Stream: Coq users

Topic: Ring tactic using morphisms


view this post on Zulip Rasmus Holdsbjerg-Larsen (Jun 22 2021 at 09:03):

I am having some trouble understanding the intended functionality of the "morphism" keyword of adding rings.

Suppose I have two rings, R and S:

R : Set
R0 : R
R1 : R
Radd : R -> R -> R
Rmul : R -> R -> R
Rsub : R -> R -> R
Ropp : R -> R
R_ring : ring_theory R0 R1 Radd Rmul Rsub Ropp (@eq R)

And similarly for S:

S : Set
S0 : S
...
S_eqb : S -> S -> bool

Where S_eqb is a proof that equality in S is decidable.
I have also ring morphism

phi : S -> R
phi_morph : ring_morphism R0 R1 Radd Rmul Rsub Ropp (@eq R) S1 S0 Sadd Smul Ssub Sopp S_eqb phi

Now, I would like to use the ring tactic to solve goals involving this morphism, so I add the ring using the morphism keyword:

Add Ring Rring : R_ring (morphism phi_morph)

Hoping that the ring tactic will be able to prove my goal, but it fails, even on simple goals like

phi S0 = R0

and

phi (Sadd x y)= Radd (phi x) (phi y)

So my question is; what am I missing? Or is this not the intended use of ring morphisms?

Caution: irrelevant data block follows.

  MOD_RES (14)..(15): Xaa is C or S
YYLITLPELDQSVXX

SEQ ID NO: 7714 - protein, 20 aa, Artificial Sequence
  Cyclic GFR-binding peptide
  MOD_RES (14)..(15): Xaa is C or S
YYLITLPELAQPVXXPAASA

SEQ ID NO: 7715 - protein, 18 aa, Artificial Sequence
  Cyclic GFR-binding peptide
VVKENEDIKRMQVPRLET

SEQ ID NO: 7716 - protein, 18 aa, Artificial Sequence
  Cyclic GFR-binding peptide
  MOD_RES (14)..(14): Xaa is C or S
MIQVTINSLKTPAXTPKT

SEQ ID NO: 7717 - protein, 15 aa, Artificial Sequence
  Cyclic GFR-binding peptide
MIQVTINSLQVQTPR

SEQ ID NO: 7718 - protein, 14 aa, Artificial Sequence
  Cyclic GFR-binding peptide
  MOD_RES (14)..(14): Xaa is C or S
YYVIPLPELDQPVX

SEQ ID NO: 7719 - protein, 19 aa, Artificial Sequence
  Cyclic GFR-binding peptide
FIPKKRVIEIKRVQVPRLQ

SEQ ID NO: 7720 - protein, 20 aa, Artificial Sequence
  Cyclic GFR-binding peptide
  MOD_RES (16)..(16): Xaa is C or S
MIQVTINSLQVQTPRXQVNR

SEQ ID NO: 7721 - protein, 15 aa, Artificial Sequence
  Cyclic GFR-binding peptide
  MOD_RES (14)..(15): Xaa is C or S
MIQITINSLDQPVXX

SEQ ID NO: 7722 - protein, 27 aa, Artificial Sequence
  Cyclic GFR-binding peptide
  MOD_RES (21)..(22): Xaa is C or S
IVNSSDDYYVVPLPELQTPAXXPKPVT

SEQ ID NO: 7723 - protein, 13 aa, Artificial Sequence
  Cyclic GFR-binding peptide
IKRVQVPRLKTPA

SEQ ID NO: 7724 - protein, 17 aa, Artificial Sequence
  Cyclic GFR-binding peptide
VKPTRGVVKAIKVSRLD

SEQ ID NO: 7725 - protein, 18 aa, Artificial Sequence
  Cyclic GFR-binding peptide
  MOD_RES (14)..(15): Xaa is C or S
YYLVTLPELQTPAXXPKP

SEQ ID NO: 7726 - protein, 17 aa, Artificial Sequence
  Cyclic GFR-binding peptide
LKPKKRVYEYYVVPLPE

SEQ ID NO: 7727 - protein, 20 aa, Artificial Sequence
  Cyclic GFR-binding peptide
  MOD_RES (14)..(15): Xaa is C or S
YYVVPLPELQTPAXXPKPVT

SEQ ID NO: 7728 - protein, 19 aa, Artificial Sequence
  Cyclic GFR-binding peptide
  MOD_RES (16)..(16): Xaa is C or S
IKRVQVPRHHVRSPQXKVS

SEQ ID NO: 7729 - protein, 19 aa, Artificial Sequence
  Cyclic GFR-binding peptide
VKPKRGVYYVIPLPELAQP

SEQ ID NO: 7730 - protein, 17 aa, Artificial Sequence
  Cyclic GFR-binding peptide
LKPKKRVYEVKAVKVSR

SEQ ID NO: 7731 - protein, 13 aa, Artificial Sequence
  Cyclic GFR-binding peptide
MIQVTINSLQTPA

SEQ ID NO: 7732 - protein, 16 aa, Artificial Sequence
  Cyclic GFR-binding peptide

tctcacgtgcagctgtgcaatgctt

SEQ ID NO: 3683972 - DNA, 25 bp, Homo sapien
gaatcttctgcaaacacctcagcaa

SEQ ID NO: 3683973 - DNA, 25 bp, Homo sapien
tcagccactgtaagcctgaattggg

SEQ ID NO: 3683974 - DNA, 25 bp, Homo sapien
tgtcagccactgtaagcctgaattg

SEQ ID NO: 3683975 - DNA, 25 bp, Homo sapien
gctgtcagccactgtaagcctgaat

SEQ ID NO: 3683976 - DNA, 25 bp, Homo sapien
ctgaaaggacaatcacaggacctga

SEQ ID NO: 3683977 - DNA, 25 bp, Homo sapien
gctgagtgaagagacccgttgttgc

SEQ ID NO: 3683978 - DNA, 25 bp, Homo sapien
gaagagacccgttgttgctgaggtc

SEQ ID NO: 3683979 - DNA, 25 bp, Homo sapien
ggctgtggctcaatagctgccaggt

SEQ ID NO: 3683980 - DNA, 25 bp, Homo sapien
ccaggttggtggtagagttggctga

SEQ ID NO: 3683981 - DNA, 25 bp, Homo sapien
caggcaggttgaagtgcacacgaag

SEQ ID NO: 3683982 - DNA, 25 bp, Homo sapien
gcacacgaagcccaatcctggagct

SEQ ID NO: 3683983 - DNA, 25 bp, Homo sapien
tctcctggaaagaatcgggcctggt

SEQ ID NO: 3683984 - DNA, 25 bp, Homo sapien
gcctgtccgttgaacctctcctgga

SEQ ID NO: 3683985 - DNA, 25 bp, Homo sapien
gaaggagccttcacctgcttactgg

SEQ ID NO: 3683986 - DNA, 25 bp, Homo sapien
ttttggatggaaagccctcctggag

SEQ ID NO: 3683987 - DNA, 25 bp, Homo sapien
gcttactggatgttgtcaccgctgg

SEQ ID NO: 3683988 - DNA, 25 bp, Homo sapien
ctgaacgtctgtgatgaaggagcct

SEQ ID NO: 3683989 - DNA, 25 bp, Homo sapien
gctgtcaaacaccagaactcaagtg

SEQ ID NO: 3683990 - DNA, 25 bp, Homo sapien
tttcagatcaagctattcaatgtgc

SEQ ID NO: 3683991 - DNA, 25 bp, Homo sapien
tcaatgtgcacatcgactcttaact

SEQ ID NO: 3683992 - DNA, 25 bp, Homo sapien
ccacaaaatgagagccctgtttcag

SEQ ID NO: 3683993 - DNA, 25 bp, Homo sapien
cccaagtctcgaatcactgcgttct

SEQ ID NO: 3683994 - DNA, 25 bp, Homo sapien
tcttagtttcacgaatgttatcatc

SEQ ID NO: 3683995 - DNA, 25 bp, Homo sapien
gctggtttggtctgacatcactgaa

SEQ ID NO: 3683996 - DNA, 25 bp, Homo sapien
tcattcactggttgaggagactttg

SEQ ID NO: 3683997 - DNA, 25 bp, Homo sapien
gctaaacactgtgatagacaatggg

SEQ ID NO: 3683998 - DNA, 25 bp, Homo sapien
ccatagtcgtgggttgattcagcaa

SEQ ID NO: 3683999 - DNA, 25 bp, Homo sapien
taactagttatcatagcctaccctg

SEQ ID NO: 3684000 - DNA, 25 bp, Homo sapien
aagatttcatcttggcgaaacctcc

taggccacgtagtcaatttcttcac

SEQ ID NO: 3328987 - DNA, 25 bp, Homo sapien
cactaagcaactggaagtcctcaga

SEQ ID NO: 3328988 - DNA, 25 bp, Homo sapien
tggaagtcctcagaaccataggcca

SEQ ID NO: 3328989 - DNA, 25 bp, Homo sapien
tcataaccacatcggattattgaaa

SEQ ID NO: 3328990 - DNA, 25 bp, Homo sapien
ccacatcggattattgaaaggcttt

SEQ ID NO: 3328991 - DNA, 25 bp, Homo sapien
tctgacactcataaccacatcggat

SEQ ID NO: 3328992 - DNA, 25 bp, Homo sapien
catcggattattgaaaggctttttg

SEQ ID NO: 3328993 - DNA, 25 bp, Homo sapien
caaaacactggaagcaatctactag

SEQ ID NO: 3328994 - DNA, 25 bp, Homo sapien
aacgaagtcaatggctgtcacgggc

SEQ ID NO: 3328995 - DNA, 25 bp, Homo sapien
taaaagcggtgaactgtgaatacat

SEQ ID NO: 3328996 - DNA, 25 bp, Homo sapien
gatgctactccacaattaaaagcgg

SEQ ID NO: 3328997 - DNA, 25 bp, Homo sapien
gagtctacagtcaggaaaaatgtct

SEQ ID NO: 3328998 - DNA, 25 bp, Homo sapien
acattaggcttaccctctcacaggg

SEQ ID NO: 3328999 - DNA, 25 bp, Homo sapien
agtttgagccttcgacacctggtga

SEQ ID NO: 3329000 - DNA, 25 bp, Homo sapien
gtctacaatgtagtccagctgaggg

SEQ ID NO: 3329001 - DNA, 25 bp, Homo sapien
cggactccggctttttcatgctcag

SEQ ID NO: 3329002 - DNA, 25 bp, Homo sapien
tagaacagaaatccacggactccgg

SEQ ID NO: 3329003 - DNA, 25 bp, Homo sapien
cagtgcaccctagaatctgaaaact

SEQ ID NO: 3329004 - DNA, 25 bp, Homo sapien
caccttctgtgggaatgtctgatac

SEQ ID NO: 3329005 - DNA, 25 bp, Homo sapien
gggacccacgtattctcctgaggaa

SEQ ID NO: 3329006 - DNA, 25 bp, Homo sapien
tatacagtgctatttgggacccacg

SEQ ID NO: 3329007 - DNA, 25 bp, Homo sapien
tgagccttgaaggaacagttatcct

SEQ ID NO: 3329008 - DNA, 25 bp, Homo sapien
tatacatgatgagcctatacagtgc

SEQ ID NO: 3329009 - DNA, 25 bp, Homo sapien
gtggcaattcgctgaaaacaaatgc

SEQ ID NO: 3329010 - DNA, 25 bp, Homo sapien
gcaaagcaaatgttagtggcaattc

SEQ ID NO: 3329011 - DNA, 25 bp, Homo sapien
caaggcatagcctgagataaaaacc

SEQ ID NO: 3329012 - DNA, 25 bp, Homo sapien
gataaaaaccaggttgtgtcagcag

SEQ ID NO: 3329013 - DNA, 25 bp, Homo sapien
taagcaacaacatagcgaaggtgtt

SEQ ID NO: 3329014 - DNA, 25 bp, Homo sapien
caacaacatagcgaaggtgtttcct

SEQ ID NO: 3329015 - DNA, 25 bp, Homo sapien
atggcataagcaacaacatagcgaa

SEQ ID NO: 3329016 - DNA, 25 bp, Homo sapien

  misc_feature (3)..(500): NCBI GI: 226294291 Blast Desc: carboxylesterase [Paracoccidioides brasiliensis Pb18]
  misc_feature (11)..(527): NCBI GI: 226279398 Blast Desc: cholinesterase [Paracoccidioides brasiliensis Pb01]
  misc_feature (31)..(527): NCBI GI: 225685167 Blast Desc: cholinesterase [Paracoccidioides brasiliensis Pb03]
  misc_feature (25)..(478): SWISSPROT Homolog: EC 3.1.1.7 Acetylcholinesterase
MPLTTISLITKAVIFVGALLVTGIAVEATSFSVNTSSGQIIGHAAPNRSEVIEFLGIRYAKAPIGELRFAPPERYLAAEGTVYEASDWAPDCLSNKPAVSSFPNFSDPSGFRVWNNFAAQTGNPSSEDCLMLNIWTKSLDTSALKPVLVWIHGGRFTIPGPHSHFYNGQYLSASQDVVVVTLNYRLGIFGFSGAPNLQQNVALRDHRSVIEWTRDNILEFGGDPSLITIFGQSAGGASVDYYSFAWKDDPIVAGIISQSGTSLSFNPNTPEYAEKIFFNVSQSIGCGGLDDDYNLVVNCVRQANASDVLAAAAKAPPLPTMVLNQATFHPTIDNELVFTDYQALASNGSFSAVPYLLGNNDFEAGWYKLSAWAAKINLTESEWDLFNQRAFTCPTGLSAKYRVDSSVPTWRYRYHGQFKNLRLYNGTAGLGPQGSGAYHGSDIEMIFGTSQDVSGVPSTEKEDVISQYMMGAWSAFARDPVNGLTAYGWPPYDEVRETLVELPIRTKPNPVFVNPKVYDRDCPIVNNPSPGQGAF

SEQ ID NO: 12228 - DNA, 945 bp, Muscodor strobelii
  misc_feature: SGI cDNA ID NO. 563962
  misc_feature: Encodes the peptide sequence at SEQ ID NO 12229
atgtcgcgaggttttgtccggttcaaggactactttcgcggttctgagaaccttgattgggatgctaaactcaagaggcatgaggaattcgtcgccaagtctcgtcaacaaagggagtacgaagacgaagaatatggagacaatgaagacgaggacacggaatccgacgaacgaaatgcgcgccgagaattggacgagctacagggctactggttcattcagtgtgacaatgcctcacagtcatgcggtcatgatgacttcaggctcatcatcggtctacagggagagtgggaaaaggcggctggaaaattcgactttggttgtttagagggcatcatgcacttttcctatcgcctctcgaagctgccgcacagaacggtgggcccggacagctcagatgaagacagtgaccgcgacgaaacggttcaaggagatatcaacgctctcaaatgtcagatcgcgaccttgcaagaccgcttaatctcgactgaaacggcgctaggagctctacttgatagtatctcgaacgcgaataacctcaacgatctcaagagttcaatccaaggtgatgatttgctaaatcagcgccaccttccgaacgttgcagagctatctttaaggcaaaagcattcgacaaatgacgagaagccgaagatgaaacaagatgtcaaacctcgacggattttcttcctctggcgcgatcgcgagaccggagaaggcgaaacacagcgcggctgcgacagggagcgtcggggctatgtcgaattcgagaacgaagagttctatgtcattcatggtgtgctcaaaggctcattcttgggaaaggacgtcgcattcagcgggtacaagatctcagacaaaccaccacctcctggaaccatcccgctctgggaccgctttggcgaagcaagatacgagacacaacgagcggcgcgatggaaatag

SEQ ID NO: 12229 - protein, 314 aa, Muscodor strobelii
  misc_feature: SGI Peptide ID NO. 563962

@Assia Mahboubi

view this post on Zulip Cyril Cohen (Jun 22 2021 at 09:11):

Hi @Rasmus Holdsbjerg-Larsen
According to the doc the ring morphism is dedicated to the ring of coefficients -> the ring that you add, not from an arbitrary ring to another...

view this post on Zulip Cyril Cohen (Jun 22 2021 at 09:12):

I know some efforts are deployed to cover your usecase though, but in the specific context of the mathcomp library, CC @Kazuhiko Sakaguchi

view this post on Zulip Guillaume Melquiond (Jun 22 2021 at 09:13):

If you know that your morphism is only applied to constants (that is, no universally quantified variables of S), then you can use the constants parameter to force them to be recognized.

view this post on Zulip Guillaume Melquiond (Jun 22 2021 at 09:14):

(In other words, that would solve the phi S0 case, but not the phi (Sadd x y) case.)

view this post on Zulip Bas Spitters (Jun 22 2021 at 11:47):

@Cyril Cohen Thanks! In the use case we are discussing with Rasmus, the ring S is indeed computational (in fact it could be Fp), so we are in the case of a customized ring, in the terminology of the refman.
I believe our use case is similar to the one described there: "one can consider the real numbers. The set of coefficients could be the rational numbers, upon which the ring operations can be implemented." In fact, it is a bit better, as the other ring is also computational (it could be a field extension of Fp).
Is the example of the use of the ring tactic with ring morphisms for real numbers elaborated somewhere?


Last updated: Jan 28 2023 at 07:30 UTC